HARBIN, China -- The hands had melted off a delicately entwined couple of ballet dancers crafted by an ice-sculpting team from Vladivostok. Eaves fashioned from packed snow drooped into icicles at the Roast Meat Fire House restaurant. Authorities banned people from approaching the ice-cube tower at Ice and Snow World because big chunks kept falling off.
The popular ice festival here -- based on a local tradition of making ice lanterns and sculpting snow that reaches back almost 1,400 years to the Tang Dynasty -- has been undercut by climbing temperatures. Heads are falling from statues and intricately sculpted ice animals are turning into shapeless blobs.
The global warming trend that a panel of U.N.-convened scientists last month called unequivocal may or may not be inextricably linked to what is happening in Harbin. It is impossible to say. But the people of Harbin blame climate change for what they say has been a pattern of rising temperatures over the past several years.
"So much melting," lamented Wang Xuhai, director and Communist Party secretary of the Harbin Ice Lantern Art Exhibition Center. "It's part of a worldwide problem."
For Harbin, a usually frigid city in northeast China about 400 miles east of the Russian border, the rise in temperatures is a direct threat to a tourist attraction that brought in 5 million visitors last year and injects millions of dollars into the local economy through tickets, hotel stays, restaurant meals and taxi rides. For China as a whole, the impact is less direct but no less threatening. Breakneck economic growth in recent years has made the country the world's second-largest producer of the greenhouse gases blamed for warming the atmosphere, putting it behind only the United States.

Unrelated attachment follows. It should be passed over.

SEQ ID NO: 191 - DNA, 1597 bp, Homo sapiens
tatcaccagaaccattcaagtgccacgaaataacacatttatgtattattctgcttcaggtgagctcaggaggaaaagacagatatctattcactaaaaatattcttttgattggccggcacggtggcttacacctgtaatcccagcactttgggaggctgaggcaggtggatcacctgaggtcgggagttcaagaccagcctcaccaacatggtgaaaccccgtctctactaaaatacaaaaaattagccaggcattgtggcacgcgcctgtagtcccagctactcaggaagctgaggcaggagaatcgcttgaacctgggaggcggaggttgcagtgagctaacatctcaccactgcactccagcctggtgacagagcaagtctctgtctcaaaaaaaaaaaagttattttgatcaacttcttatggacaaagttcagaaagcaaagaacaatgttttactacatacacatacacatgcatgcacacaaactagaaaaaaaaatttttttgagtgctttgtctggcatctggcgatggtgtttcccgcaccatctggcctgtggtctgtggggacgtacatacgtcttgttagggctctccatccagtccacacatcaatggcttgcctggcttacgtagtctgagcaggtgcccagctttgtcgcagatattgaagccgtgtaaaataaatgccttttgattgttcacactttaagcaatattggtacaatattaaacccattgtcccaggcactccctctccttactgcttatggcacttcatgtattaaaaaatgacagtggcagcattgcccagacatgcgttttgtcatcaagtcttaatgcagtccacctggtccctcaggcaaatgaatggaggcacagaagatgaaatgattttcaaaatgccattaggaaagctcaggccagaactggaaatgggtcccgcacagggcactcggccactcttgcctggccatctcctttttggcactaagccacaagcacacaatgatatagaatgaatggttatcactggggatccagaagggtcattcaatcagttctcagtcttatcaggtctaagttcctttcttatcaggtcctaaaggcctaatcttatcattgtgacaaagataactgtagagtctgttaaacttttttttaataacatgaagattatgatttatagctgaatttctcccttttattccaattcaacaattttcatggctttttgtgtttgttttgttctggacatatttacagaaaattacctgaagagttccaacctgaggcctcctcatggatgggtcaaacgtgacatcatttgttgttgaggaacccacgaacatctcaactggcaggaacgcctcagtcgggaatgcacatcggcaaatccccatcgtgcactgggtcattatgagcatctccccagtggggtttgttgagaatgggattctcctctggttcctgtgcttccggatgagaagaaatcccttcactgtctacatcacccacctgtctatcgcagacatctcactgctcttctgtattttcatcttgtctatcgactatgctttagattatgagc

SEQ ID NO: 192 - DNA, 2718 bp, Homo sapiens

The China Meteorological Administration predicted recently that temperatures will likely continue to rise, by the year 2100 climbing by 7 to 10.8 degrees over the average temperatures between 1961 and 1990. By 2050, the meteorologists predicted, the glaciers of China's far northwest mountains will have shrunk by 27 percent if present trends continue.
Residents of Beijing, 650 miles to the southwest of Harbin, last weekend enjoyed their warmest Lunar New Year celebrations since authorities began keeping records in 1951. Fitness buffs jogged without jackets in Ritan Park and boys played basketball in T-shirts. The Meteorological Administration said records were broken three times in the first half of the month, with a high of 61 degrees on Feb. 5.
While the capital's residents basked in the mild weather during their New Year's holiday, officials cautioned that the long-term effects might not be so pleasant. For instance, the deputy agriculture minister, Yin Chengjie, warned that a rise in temperatures could make controlling bird flu more difficult, confusing migratory birds into changing flight patterns and staying longer in China.
Nobody has to convince the people of Harbin of climate change. Wang said the warming weather has his city-sponsored organization considering whether the annual ice festival will have to be shortened in the future. But that would mean trouble, he added, because the number of visitors reaches its high point during the Spring Festival school holidays now underway.